Our Retirement Calculator can help by considering inflation in several calculations. Please visit the Inflation Calculator for more information about inflation or to do calculations involving inflation.
How Much Social Security Will You Get When You Retire
The amount of your Social Security benefit is a function of your full retirement age. If you were born in 1960 or after, your normal retirement age when you are eligible to receive full or unreduced Social Security benefits is 67. When you choose to retire is central to your retirement planning strategy because it activates your various streams of retirement income: drawing upon Social Security and your pension, if you have one, as well as beginning withdrawals from your other retirement accounts, such as your 401 or IRA, and other possible income sources like annuities. With the right planning, you may be able to retire early and depend on alternative sources of retirement income until you reach your normal retirement age, at which point you can start collecting your full Social Security benefits. You also can increase your Social Security benefit amount by waiting beyond your full retirement age to retire. However, the benefit increase stops when you reach age 70. Access my Social Security Retirement Calculator to learn more.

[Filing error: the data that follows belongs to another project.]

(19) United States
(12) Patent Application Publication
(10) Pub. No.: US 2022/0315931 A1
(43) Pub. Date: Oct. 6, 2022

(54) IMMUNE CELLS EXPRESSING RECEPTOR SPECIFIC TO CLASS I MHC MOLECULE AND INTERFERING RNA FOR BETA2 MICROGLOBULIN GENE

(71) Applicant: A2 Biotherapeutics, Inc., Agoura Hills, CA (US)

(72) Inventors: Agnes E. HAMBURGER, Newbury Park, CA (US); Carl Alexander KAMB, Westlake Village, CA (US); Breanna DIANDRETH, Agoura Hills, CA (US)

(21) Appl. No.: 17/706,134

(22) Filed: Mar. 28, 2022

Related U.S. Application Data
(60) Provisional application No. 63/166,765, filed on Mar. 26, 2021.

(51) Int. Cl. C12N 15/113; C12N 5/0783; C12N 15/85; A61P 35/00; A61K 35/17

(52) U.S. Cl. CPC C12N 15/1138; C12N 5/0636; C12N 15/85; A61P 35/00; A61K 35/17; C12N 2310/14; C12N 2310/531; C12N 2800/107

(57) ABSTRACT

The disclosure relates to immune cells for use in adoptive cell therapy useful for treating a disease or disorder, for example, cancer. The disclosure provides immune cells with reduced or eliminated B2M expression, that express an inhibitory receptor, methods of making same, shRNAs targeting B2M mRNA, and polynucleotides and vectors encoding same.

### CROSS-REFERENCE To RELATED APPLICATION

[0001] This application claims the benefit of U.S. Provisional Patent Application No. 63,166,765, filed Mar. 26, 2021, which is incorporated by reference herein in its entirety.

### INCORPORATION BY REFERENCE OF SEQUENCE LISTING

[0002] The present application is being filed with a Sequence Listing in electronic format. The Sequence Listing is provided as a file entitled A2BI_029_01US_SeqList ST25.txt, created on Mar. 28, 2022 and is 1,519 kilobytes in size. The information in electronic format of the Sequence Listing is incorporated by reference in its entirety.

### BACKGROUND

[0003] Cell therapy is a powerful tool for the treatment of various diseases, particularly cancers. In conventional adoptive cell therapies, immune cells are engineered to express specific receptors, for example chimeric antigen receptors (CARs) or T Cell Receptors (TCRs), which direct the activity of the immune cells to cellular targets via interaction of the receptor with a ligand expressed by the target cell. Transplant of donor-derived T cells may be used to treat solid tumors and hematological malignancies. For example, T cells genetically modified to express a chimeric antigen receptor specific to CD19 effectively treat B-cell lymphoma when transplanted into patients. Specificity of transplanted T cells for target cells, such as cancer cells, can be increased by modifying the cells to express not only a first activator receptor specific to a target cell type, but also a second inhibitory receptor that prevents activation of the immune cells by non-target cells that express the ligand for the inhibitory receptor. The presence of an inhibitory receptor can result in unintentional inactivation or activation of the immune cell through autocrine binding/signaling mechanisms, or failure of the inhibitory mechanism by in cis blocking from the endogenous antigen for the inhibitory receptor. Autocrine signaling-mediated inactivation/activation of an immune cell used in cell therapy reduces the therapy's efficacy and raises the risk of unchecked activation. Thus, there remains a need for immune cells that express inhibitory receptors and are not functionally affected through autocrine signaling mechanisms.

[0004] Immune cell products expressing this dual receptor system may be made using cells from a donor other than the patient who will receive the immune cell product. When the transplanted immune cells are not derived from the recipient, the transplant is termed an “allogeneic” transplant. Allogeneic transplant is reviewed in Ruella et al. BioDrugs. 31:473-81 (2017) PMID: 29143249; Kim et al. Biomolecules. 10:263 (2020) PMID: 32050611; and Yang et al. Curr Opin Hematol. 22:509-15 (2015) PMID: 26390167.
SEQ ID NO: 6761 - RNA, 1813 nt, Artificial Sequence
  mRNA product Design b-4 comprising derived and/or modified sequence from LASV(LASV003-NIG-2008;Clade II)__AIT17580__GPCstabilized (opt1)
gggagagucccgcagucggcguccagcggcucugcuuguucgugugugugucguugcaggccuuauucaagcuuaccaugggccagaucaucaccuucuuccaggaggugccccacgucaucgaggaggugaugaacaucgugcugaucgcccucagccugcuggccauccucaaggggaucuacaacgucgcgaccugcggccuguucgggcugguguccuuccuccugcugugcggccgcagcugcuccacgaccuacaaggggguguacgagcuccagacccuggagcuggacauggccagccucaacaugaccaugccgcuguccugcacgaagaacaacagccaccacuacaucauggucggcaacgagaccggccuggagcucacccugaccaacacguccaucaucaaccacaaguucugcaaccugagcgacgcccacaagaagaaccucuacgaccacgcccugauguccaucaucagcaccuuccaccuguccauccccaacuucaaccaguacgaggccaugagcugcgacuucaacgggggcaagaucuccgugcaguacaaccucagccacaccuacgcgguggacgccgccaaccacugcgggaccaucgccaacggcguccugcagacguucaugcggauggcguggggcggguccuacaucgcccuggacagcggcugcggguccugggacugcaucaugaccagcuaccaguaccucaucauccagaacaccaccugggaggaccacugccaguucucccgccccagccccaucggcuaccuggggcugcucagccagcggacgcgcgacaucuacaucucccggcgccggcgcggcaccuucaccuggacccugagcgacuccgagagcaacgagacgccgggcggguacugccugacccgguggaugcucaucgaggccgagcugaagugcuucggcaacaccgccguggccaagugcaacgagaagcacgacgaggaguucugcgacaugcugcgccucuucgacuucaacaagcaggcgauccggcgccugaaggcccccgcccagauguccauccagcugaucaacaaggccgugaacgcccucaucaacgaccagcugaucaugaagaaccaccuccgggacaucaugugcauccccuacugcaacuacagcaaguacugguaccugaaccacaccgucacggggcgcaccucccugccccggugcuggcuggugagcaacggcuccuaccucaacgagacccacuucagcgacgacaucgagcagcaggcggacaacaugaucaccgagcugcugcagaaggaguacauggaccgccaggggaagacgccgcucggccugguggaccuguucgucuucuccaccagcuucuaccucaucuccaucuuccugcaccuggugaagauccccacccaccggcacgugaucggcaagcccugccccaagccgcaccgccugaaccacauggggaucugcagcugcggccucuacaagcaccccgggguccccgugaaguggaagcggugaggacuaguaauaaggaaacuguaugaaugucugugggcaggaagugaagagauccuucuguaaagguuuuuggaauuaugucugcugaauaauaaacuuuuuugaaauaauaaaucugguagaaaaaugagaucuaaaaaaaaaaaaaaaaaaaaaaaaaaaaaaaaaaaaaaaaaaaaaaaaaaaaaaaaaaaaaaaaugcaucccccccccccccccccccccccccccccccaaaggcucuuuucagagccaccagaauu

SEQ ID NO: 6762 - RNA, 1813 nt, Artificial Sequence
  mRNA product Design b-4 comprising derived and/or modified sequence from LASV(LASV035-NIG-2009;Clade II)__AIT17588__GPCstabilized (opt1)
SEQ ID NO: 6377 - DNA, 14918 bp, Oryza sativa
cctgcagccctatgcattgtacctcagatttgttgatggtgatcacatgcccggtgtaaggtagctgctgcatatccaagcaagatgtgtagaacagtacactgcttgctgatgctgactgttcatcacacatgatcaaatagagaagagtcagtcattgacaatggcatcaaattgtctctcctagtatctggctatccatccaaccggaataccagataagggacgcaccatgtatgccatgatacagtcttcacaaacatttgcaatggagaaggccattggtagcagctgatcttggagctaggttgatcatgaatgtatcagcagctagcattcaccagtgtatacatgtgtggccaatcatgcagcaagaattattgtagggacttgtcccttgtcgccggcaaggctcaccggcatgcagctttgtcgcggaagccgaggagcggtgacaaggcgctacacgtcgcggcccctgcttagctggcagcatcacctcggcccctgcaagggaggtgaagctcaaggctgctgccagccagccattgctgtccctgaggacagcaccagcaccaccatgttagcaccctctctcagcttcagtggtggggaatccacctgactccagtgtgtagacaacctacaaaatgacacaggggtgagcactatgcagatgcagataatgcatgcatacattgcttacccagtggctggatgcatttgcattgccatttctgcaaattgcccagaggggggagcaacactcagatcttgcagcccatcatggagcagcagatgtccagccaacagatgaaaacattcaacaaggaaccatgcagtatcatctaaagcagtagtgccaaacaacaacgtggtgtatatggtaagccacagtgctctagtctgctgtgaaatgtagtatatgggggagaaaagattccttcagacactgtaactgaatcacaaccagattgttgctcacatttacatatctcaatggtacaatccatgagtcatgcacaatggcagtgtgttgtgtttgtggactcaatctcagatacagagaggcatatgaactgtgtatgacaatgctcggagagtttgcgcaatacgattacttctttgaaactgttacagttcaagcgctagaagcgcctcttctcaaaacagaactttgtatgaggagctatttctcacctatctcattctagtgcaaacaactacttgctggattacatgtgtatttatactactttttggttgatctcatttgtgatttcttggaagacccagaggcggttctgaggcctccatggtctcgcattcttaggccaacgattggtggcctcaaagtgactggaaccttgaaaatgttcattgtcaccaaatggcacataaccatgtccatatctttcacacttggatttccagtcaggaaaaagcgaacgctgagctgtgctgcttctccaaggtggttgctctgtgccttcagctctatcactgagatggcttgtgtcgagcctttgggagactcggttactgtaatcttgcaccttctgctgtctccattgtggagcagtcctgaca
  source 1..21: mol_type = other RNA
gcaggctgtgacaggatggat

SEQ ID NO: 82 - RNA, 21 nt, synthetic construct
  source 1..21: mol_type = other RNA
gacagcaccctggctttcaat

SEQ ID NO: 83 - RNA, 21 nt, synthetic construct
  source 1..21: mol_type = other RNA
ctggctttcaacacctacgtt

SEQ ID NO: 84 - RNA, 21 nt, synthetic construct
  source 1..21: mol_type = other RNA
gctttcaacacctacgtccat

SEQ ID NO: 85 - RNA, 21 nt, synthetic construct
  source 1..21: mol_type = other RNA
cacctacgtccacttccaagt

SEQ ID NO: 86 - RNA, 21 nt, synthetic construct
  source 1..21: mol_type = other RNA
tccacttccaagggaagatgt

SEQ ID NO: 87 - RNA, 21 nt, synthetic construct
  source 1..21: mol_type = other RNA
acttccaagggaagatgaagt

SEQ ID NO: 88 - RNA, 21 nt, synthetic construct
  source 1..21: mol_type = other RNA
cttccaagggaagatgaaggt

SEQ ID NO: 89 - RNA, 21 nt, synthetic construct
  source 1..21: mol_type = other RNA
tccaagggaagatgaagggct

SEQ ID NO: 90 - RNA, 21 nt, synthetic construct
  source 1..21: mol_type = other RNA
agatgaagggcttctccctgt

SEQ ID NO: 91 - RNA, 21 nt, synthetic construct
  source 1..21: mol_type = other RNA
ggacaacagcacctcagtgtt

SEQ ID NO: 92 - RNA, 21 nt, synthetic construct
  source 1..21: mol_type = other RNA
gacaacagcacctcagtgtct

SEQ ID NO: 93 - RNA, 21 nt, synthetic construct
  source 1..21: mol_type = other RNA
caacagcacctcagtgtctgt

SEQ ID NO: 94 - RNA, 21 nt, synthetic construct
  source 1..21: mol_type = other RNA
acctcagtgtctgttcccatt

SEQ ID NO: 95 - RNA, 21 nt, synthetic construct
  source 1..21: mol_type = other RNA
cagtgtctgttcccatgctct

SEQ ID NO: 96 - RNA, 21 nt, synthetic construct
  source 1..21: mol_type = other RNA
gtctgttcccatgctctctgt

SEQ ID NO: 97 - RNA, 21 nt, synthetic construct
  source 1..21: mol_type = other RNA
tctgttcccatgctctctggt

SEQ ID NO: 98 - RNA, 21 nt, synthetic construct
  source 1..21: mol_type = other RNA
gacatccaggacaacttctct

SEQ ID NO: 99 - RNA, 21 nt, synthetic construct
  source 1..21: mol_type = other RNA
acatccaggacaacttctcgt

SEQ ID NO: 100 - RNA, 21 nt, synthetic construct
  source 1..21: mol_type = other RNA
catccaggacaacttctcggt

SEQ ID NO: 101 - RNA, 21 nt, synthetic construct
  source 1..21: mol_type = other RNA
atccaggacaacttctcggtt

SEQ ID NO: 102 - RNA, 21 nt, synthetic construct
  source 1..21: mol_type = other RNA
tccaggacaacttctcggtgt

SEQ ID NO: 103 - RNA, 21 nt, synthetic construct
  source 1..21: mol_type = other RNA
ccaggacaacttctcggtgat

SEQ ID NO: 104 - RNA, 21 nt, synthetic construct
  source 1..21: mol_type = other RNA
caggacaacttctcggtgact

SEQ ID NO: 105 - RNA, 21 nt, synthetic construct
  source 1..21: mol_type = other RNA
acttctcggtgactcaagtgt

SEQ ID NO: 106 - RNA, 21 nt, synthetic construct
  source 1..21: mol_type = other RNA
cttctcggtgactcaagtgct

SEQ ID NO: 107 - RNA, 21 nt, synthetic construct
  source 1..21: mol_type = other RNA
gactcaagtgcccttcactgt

Our Retirement Savings Calculator gives you the option of including your Social Security benefits in its calculations to determine if you have enough funds to retire. Discover how early retirement can affect your Social Security benefits and the truth behind some common Social Security myths.
How Much Savings Do You Need To Retire With A Pension
Having a pension helps provide you with an additional source of retirement income and eases some, but probably not all, of the burden of saving for retirement. If you are fortunate enough to have a retirement pension plan provided by your employer, you are in the minority these days. According to the U.S. Bureau of Labor Statistics, only 13% of private industry workers had access to both defined benefit and defined contribution ) retirement plans at their workplace in March 2018.
With a defined benefit plan, your employer makes contributions to the plan. You then receive this pension money in retirement either as a lump sum or as a monthly payment or as some combination of the two. If your employer offers a pension plan, its important to understand how it works and its benefits and how your pension fits into your overall retirement savings strategy. Our Retirement Savings Calculator incorporates your inflation-adjusted pension plan benefit, if you have one.
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Youll Get More Money If You Wait To Cash In On Your Social Security
You likely know that if you wait until full retirement age to collect your Social Security benefits, youll receive 100% of your benefits. But if you decide to wait until age 70 to retire, youll get even more money.
Your benefits will increase by a percentage for each month you delay receiving your benefits past full retirement age up to age 70. If you were born in 1960 or later and wait to start receiving Social Security benefits until age 70, youll get 124% of your benefits.